I have been reading Robert Anson Heinlein since I was about 10 years old. To this day, I remember my mom bringing home a copy of Starship Troopers, and while I was completely unprepared for the philosophy which Heinlein was presenting with that book, there was something in it which clearly caught my interest. That said, herewith I would like to put forward my favorite RAH works and a bit about them:
These are the best Bob gave us, though there are plenty more which are due more than a passing glance. I find he has a unique and engaging voice, as well as a positive and optimistic view of the world and at least some of the humans who inhabit it. He also has a talent for making you think and making you question your own assumptions about how the world and the denizens who inhabit it work and behave. I have delighted in his characters and his stories for almost as long as I've been able to read. Do please give him a look.
I would have included "The Door into Summer" for its excellent treatment of time travel, as well as his spot on portrayal of cat behavior. Also, "The Number of The Beast" for its novel method of travelling into different universes...
The Door Into Summer was a slick bit of work, for sure, and certainly deserves to be ranked among Heinlein's best juveniles. If I'm a bit less than enthusiastic about The Number of the Beast, it's because of his use of "lifeboat rules" and "white mutiny" and how they were used against Jake. Was Jake EVER in the military? Not established that I know of, yet he was hammered with both mercilessly when the needed lessons could have been administered with far more diplomacy than was used in those instances.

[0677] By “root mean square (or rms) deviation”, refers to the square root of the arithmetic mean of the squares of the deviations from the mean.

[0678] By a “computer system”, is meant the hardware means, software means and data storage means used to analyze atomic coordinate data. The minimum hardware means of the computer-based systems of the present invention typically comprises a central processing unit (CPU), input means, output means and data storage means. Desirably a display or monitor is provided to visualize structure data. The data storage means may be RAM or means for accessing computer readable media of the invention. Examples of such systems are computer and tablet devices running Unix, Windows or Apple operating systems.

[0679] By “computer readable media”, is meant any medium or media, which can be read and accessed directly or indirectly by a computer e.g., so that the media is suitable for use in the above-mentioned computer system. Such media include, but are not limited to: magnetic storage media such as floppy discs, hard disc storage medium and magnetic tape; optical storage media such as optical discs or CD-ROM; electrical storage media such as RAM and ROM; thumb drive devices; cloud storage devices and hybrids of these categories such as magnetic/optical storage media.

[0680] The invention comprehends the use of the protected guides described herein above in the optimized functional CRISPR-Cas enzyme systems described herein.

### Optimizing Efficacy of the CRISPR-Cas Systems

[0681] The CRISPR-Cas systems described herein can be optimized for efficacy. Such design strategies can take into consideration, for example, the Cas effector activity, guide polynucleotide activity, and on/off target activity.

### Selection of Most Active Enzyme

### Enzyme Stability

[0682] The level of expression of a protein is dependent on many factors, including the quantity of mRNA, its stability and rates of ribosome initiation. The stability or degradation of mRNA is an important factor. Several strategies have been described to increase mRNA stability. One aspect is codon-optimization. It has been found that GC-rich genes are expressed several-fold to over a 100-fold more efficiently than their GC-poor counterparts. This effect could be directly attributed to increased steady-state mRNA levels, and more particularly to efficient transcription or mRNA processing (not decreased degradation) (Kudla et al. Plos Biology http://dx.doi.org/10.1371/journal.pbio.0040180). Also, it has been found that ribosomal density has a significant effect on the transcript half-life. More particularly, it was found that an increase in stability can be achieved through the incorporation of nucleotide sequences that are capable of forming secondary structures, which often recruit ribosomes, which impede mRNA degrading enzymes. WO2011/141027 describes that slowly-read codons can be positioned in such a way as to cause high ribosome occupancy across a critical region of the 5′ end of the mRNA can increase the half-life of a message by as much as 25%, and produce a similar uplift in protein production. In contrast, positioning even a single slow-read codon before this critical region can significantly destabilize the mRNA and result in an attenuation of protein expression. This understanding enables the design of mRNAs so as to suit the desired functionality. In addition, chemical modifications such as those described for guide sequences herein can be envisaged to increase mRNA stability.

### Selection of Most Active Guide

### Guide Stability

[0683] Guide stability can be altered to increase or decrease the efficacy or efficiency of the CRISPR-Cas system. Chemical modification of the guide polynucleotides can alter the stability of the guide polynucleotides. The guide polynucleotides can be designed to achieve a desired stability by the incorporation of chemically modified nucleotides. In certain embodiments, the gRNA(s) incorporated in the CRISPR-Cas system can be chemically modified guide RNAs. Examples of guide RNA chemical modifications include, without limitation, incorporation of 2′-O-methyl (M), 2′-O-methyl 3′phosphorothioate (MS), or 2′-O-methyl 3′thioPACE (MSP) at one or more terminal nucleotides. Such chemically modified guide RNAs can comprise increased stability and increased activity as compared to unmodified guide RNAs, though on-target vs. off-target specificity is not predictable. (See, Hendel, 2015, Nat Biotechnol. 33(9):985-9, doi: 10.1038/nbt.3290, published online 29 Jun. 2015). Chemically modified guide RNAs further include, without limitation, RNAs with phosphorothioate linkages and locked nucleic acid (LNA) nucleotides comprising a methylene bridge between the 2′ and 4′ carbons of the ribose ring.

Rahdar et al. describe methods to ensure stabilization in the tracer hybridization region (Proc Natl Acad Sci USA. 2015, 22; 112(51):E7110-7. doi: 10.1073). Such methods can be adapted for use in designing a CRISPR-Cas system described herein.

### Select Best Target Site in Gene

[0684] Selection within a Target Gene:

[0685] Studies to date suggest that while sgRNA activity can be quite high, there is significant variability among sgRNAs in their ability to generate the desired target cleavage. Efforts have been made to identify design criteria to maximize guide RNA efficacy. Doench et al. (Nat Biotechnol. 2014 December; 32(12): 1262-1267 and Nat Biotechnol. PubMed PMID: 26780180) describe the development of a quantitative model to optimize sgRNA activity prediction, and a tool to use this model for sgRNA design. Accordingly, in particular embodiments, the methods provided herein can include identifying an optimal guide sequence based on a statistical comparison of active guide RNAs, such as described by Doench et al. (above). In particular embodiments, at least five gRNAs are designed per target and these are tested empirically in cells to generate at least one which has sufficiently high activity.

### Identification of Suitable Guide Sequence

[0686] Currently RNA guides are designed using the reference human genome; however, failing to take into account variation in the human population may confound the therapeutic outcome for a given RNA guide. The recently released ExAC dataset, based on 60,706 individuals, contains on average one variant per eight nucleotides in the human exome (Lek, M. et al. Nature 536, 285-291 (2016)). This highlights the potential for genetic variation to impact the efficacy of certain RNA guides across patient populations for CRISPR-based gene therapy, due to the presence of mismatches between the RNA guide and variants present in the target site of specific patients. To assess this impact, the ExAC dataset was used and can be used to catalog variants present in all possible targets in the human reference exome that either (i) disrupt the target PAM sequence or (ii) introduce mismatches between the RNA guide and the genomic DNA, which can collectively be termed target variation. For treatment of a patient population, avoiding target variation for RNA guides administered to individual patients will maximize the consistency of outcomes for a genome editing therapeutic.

My memory is poor, but I remember enjoying The Moon is a Harsh Mistress, although I can't remember any details. I may have read some more of Heinlein's, but can't remember. It's been 30-40 years since I stopped reading science fiction and my memory's not up to it.
I also enjoyed Variable Star very much. It´s an unfinished work by Heinlein, finished by Spider Robinson, but I have no idea how much each put in.
The Moon is a Harsh Mistress is still great, a bit difficult to read for me because of the written dialect, but oh! the optimism of the 60s!
I read Variable Star as well, and though it was somewhat reminiscent of his earlier works, it did have its own identity, and I enjoyed what Spider brought to it.
As for Moon, one thing I got a kick out of was how much Russian I learned as a result!